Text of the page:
This week, I had a chance to visit Kruja, the fortress of Albania’s hero, Skanderbeg. Facing attack after attack by the most formidable military force in the world at that time, Skanderbeg did not surrender. Instead, he united the country, refused to give up, and in the end prevailed against all odds.
Four years ago, Parliament – in response to the demands of the Albanian people – adopted Justice Reform. Despite the odds, implementation has made real progress: most of the required institutions have been established, vetting has removed judges and prosecutors who cannot explain their wealth, and new judges and prosecutors are being trained and hired. Justice Reform has been painful, slow, and imperfect, but it is moving forward and must continue so that Albania can secure its future as an even more valuable member of NATO and a full member of the European Union.
Justice Reform is now at a critical stage. It has made just enough progress to scare those who do not want it, but not yet enough progress to satisfy the demands of the Albanian people for a justice system marked by integrity and independence. So, those who fear Justice Reform are on the attack. Those who want Justice Reform must draw on the spirit of Skanderbeg, now more than ever.
After four years of facing numerous obstacles, it is natural to feel tired and perhaps discouraged. But if we review what has been gained despite the obstacles – and what more should be gained for the next generation – then this is exactly the moment we must redouble our efforts and push ahead toward our goal.
The recent Venice Commission opinion on Albania’s appointment of judges to the Constitutional Court provides an opportunity for all sides to come together to advance Justice Reform. It is not an occasion for accusations or victory dances. No one institution was entirely at fault. No one institution was entirely right or wrong. The Venice Commission acknowledges that there are different, legitimate interpretations of the legal provisions which “resulted in two judges being arguably appointed” to the same Constitutional Court seat.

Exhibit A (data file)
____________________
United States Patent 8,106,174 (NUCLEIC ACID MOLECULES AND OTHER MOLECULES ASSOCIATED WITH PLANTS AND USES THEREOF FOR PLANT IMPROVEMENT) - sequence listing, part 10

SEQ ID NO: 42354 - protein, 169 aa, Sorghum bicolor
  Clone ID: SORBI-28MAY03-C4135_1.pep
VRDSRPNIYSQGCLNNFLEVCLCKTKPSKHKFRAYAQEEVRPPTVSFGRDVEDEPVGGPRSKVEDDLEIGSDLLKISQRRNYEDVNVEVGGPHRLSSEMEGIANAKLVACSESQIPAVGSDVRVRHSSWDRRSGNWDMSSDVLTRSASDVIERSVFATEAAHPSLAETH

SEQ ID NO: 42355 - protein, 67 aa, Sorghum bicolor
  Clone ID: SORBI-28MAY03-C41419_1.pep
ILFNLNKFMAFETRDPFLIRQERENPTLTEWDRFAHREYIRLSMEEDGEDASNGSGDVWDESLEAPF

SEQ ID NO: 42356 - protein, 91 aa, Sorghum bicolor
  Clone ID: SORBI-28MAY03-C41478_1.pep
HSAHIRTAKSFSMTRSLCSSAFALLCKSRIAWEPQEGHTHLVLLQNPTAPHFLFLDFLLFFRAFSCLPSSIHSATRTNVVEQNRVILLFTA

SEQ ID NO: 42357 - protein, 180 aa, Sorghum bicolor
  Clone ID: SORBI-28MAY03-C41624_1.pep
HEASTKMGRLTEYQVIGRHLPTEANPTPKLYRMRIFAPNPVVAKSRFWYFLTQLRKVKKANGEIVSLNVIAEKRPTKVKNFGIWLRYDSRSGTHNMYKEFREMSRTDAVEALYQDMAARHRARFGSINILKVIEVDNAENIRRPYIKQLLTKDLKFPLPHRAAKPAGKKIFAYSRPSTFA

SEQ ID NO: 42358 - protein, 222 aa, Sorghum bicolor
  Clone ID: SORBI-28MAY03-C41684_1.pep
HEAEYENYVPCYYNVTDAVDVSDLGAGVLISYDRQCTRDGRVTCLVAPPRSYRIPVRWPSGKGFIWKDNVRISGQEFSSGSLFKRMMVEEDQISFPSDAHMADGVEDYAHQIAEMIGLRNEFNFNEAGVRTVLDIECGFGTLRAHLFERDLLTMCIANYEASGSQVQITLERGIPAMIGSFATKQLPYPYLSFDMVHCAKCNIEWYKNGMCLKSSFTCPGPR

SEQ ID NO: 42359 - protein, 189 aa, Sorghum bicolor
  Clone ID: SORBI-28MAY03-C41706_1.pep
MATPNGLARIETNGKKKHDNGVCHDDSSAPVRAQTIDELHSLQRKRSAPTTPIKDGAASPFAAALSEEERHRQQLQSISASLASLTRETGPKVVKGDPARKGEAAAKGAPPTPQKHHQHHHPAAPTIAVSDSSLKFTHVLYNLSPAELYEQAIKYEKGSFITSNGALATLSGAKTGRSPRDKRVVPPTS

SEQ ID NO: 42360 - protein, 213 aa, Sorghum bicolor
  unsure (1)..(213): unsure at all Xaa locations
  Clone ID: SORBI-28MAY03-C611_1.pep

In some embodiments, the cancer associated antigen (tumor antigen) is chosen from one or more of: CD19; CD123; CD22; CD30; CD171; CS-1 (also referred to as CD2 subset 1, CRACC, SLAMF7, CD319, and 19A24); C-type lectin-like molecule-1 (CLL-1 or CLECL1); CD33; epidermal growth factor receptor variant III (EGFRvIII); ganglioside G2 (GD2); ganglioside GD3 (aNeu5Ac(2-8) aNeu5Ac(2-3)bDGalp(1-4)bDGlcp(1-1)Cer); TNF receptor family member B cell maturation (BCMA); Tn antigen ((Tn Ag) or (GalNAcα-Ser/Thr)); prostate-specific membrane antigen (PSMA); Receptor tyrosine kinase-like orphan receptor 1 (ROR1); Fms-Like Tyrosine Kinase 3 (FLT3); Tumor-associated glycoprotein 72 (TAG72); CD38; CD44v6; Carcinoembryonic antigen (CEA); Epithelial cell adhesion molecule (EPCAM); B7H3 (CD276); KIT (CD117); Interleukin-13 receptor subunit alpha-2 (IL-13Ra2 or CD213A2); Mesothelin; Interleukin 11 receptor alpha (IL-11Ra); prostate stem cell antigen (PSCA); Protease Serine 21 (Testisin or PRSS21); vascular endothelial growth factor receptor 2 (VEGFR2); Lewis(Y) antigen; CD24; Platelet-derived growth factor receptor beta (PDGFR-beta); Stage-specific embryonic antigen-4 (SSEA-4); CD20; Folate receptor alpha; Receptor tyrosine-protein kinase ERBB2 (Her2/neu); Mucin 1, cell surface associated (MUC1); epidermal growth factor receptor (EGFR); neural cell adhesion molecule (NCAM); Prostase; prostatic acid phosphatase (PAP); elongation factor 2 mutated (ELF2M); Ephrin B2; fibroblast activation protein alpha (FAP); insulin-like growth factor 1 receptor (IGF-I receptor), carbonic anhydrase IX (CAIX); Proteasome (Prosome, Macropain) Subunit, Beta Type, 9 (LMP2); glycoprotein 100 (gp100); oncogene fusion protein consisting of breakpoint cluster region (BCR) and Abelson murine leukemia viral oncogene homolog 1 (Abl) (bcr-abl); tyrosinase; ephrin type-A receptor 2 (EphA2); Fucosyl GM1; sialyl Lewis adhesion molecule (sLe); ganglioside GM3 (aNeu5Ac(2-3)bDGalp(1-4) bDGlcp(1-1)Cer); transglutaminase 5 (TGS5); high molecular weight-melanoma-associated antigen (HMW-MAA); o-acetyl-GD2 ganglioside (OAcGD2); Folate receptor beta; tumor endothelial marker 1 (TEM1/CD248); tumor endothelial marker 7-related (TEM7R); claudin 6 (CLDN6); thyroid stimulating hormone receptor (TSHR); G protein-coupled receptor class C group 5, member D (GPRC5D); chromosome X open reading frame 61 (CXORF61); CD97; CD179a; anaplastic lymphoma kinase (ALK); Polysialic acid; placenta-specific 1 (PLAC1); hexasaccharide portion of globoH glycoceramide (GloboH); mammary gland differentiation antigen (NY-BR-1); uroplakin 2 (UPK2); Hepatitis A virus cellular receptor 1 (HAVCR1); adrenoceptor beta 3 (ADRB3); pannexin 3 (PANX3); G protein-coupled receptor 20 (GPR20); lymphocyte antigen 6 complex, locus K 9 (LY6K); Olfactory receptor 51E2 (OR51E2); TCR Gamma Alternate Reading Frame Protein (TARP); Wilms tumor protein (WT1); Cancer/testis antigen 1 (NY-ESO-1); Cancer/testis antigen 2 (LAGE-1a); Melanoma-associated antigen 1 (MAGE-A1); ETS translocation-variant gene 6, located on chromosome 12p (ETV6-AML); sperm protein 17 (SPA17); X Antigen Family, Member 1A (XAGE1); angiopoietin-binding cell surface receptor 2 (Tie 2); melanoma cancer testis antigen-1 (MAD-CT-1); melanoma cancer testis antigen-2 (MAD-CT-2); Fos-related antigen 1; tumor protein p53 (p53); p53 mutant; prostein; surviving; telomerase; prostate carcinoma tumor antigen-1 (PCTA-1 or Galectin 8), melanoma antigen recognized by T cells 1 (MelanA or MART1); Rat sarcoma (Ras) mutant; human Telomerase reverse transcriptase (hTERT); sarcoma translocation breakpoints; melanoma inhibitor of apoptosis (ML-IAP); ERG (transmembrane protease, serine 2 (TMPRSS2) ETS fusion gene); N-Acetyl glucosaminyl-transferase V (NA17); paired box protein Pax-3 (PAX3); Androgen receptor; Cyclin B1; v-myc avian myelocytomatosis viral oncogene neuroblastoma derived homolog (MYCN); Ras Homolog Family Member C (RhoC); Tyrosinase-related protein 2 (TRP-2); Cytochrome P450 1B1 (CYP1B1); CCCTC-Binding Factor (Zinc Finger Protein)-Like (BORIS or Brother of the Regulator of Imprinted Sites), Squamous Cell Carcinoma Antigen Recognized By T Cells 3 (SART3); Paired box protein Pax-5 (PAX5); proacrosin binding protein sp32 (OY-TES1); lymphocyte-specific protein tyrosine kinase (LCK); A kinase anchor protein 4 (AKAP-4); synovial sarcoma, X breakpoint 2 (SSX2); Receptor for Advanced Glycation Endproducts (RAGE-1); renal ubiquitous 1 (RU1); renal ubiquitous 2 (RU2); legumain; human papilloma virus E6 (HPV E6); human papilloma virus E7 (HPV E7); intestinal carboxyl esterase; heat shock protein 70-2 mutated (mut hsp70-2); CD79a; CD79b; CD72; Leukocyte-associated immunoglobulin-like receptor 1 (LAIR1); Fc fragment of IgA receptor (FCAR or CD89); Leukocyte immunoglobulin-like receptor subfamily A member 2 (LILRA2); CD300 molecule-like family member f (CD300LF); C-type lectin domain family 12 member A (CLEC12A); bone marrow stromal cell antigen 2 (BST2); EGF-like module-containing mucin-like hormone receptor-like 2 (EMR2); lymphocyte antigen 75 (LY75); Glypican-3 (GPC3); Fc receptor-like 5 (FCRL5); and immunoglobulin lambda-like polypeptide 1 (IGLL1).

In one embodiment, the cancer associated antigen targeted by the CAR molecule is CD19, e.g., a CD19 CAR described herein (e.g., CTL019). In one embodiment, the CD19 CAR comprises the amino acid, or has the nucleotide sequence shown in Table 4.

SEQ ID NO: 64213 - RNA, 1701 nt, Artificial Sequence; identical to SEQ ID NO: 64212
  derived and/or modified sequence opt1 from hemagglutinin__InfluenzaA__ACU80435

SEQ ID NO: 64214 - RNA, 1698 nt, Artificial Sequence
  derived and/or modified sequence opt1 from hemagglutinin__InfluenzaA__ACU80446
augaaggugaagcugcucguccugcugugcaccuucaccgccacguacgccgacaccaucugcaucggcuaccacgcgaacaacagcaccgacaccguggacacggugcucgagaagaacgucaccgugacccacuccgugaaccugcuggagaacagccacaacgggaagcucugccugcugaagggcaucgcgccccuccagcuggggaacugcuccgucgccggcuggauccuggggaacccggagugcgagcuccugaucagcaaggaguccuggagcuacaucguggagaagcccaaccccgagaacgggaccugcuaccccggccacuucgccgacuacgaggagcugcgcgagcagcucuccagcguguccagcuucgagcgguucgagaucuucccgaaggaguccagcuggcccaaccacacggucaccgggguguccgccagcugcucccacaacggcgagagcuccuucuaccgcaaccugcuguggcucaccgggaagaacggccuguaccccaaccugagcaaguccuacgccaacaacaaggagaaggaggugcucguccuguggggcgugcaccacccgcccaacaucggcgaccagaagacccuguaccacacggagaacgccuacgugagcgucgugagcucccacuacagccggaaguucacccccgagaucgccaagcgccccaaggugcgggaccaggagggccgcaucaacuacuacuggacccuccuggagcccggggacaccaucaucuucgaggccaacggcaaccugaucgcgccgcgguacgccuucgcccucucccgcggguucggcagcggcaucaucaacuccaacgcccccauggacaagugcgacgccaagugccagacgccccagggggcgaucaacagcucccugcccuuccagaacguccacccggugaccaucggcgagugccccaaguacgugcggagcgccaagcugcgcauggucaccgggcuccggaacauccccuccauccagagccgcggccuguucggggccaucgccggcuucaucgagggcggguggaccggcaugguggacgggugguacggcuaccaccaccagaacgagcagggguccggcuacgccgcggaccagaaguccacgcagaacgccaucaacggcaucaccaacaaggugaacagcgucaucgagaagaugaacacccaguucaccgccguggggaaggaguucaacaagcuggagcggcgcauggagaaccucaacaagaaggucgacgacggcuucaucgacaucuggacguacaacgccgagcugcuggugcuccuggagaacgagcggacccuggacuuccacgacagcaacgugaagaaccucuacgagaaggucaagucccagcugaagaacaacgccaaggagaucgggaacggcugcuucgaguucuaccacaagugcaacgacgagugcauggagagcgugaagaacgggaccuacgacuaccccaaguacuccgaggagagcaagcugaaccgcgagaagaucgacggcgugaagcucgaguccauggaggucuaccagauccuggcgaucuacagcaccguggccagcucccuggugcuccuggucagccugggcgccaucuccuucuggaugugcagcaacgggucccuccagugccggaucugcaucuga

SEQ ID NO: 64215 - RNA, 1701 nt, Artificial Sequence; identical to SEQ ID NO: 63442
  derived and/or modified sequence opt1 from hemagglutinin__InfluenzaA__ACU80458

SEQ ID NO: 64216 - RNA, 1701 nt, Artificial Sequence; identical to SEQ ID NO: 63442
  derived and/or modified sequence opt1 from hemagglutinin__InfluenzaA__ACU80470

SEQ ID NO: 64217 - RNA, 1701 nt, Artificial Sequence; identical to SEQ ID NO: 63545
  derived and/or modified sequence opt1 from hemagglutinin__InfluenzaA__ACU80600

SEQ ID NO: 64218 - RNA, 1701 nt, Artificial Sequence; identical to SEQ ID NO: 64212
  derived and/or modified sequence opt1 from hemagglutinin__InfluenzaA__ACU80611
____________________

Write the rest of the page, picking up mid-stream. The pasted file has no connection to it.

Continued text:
Importantly, neither the Presidency nor the Parliament is a court with the authority to decide how to proceed when there is a gap in the legislation. The Venice Commission points out that “It is for a Constitutional Court to decide on the interpretation of the provisions of the Constitution in a situation not foreseen during the drafting process.” This advice highlights the urgency of establishing a functioning Constitutional Court as soon as possible.
Rather than staying mired in their positions, it is now the responsibility of Albania’s leaders to follow the clear advice of the Venice Commission: “Democratic culture and maturity require institutional restraint, good faith and mutual respect between State institutions.”
The Venice Commission opinion opens a path forward. With the current justices remaining in place, it is possible for the court to achieve quorum in 2020. The Presidency and the Parliament must engage in dialogue before they receive candidate lists for appointments. Once again there must be shared understanding of implementation to harmonize any diverging interpretations of the law.
Recalling the example of Skanderbeg, the U.S. Embassy agrees with the Venice Commission: In the face of corruption and injustice – our common enemy at the gate – the people of Albania must unite, and leaders must deliver on their obligation to ensure that the Constitutional Court is functional, to give the people the Justice Reform that is rightly due to them, and to secure the future of Albania.